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Related to unlimited liability: Sole trader
The responsibility of one or more owners of a business for the total amount of debt and other liabilities that the business accrues, regardless of how much the owner(s) have personally invested. That is, suppose two persons form a general partnership and each invests $10,000. If the business later accrues $100,000 in liabilities, both partners are equally responsible for the $80,000 over and above what they have invested. If the business defaults, the personal assets of the partners may be seized to repay debts. Unlimited liability contrasts with limited liability, which limits the amount one can lose on an investment to the total amount invested. Unlimited liability is most common in general partnerships, sole proprietorships, and for general partners in limited partnerships.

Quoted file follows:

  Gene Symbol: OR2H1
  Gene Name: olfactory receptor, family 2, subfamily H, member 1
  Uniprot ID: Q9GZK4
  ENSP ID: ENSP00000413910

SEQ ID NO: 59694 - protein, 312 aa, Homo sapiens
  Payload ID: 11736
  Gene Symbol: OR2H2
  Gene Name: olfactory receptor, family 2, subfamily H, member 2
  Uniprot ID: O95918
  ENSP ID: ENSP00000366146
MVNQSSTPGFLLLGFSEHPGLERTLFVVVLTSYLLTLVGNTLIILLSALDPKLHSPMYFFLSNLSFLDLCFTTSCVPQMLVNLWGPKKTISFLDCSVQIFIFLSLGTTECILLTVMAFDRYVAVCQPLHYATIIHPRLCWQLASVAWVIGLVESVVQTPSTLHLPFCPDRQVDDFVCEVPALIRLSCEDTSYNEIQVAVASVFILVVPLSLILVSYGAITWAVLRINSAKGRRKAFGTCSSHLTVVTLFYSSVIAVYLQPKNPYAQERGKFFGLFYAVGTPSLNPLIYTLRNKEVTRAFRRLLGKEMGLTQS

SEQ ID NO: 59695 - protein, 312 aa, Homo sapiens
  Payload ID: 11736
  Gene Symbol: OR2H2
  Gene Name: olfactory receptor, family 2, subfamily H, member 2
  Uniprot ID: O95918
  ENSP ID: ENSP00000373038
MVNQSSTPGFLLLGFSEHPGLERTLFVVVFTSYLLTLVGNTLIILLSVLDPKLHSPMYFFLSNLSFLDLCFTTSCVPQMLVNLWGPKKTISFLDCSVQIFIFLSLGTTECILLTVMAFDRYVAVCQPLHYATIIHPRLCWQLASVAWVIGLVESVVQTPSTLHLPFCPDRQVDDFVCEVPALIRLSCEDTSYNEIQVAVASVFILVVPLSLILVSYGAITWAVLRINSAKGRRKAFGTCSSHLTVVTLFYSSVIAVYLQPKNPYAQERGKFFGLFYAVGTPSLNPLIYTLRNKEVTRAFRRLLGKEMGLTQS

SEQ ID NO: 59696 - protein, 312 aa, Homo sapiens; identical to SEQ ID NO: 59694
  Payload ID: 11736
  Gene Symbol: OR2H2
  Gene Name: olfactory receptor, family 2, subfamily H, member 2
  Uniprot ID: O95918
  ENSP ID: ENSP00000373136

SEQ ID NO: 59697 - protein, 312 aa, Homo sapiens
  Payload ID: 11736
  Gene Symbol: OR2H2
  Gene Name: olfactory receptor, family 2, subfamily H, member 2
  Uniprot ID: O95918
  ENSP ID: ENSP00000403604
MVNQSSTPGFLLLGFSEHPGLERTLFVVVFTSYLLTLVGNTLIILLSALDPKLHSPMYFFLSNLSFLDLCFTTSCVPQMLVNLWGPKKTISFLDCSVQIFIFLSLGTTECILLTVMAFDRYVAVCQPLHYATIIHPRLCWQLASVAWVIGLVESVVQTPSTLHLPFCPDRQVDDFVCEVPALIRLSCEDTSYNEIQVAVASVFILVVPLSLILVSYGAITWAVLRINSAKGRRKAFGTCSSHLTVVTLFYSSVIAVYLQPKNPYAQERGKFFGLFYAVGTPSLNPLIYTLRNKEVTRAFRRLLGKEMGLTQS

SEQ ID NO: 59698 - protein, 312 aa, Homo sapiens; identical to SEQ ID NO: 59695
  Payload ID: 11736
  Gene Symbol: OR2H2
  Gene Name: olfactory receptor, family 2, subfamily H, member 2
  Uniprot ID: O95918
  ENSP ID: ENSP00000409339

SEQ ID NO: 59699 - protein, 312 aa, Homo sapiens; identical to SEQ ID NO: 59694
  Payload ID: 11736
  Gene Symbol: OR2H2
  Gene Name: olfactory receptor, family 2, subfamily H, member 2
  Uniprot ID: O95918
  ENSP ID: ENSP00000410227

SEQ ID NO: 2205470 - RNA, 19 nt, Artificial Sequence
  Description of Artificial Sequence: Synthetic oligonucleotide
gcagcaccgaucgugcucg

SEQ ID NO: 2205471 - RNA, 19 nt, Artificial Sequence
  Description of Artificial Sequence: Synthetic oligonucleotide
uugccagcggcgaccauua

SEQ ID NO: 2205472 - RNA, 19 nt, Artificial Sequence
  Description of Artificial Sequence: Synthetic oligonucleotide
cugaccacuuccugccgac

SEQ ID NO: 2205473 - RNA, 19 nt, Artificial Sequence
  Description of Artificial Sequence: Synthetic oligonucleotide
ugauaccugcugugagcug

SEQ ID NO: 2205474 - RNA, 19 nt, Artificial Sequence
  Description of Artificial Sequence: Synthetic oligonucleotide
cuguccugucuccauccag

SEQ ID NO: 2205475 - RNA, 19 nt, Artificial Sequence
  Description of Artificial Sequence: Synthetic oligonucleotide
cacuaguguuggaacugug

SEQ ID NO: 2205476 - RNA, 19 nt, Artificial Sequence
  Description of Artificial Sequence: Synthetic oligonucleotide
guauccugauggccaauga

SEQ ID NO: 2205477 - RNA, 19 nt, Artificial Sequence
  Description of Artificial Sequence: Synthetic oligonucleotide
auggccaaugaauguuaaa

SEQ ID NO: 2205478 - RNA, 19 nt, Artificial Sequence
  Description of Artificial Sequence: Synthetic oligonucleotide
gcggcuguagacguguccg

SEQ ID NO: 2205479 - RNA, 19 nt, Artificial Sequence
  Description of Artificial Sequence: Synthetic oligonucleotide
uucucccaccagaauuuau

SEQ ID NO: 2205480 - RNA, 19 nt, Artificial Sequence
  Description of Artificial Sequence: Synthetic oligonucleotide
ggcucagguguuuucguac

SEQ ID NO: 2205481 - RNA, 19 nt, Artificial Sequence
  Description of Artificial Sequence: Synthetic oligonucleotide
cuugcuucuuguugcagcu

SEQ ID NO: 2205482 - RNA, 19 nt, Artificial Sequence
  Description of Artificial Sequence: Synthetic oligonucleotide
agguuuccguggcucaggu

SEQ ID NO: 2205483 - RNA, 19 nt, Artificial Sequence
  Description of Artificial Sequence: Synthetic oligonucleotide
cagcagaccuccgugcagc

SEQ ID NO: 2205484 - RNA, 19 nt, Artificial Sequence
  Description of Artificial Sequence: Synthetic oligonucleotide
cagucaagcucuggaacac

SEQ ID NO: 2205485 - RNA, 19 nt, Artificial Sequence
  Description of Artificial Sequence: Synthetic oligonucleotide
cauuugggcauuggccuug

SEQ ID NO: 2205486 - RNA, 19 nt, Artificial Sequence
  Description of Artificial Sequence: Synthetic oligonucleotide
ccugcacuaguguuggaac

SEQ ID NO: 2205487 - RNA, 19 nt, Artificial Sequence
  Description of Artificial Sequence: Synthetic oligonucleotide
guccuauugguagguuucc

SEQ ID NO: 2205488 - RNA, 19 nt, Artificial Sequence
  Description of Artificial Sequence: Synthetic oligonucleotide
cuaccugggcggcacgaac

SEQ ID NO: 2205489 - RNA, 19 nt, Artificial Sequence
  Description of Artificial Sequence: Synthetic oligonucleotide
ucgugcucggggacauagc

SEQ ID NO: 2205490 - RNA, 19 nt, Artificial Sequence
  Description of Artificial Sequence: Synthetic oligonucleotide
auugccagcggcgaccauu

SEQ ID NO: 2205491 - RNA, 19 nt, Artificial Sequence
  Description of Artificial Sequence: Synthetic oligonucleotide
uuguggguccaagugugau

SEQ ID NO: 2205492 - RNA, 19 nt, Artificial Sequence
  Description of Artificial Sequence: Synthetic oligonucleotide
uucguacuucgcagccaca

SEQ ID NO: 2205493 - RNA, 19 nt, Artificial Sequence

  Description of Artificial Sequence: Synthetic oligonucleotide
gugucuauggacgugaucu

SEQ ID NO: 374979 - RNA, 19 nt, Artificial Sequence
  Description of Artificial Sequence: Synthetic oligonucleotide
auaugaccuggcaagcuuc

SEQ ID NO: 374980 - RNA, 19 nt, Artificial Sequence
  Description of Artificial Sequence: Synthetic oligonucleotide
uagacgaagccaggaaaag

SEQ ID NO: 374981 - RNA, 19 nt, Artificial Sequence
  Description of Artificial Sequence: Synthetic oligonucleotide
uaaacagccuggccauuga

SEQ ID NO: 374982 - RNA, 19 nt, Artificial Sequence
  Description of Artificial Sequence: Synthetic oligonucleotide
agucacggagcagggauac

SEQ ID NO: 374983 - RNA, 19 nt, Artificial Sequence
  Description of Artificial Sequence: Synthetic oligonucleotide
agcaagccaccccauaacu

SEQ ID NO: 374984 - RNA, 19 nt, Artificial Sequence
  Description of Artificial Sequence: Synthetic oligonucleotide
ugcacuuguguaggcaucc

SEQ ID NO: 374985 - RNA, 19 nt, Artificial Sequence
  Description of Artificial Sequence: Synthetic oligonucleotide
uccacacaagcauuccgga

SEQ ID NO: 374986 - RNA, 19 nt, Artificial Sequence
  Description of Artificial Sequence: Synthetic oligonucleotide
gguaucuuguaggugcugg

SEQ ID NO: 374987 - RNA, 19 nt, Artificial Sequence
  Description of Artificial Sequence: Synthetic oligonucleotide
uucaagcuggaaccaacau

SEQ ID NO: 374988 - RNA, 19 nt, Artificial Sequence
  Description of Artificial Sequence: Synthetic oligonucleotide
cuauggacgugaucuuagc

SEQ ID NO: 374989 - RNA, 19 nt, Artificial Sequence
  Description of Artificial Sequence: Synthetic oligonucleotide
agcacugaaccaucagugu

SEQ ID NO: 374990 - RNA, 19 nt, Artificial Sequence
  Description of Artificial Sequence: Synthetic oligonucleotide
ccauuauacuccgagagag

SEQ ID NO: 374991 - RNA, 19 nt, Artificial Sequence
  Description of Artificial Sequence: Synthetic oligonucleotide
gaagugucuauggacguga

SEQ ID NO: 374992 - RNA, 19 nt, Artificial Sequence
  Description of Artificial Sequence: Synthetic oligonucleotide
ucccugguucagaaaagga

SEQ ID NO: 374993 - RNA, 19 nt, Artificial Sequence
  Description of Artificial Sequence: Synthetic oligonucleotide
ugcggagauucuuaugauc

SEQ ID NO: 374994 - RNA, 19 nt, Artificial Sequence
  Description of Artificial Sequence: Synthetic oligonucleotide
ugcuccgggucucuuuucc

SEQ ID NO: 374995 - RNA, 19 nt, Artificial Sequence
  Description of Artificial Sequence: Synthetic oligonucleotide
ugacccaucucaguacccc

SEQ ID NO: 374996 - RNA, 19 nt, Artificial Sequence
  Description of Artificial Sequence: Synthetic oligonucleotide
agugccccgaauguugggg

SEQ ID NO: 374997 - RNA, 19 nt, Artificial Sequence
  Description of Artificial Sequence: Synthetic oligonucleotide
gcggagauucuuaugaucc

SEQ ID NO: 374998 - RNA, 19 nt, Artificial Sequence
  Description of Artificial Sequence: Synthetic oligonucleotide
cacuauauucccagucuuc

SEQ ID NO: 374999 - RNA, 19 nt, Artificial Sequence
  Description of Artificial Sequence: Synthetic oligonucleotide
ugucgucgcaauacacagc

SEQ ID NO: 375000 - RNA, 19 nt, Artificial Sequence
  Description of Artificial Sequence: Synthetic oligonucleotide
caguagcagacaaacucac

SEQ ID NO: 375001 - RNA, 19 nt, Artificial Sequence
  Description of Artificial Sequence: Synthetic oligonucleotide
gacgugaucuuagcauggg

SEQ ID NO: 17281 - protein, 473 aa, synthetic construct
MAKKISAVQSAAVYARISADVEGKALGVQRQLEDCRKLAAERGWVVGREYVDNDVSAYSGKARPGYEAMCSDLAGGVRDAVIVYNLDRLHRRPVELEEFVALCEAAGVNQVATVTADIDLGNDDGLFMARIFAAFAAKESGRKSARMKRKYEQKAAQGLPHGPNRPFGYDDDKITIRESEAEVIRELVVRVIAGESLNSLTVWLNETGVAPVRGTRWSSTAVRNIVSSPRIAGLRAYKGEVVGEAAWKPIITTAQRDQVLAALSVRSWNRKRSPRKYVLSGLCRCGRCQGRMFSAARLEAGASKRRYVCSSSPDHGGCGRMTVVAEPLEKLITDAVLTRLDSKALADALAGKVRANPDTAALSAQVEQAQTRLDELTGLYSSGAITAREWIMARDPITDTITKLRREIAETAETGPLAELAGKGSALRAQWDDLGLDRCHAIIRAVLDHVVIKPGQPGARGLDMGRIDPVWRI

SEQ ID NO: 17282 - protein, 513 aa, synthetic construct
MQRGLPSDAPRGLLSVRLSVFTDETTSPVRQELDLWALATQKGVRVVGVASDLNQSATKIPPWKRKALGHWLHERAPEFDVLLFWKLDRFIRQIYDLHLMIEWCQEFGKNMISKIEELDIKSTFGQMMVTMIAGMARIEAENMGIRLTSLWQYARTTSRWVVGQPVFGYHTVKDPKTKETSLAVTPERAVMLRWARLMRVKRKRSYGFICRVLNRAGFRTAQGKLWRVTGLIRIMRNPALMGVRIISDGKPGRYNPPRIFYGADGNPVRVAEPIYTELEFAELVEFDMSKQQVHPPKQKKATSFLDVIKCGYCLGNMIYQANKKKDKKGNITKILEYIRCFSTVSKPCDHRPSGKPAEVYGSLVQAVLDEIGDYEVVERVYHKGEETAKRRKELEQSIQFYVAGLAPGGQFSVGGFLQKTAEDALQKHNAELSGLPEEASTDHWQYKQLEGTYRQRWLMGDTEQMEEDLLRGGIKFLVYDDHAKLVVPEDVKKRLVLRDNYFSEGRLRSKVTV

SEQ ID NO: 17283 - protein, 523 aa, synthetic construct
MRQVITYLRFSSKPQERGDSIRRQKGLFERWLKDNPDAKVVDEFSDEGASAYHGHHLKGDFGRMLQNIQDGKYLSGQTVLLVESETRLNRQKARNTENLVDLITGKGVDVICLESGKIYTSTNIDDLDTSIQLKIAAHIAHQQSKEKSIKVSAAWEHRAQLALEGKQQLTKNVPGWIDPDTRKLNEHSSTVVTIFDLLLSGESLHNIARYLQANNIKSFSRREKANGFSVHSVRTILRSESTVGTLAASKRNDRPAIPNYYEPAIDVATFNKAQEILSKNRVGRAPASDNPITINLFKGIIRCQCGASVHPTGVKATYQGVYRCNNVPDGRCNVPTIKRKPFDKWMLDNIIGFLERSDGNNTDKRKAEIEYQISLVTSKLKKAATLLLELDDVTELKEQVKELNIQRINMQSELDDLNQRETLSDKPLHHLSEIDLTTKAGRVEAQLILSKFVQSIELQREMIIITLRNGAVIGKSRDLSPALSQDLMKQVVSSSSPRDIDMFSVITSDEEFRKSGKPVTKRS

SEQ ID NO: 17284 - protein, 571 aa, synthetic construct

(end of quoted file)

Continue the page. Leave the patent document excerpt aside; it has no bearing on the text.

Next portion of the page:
The liability of the owner of a business for all the obligations of the business. An owner's personal assets can be seized if the business's assets are insufficient to satisfy claims against it. The placement of personal assets at risk is a great disadvantage of proprietorships and general partnerships. The ability to limit the amount of liability to which an owner is subject is a major reason for the formation of corporations and limited partnerships. Compare limited liability.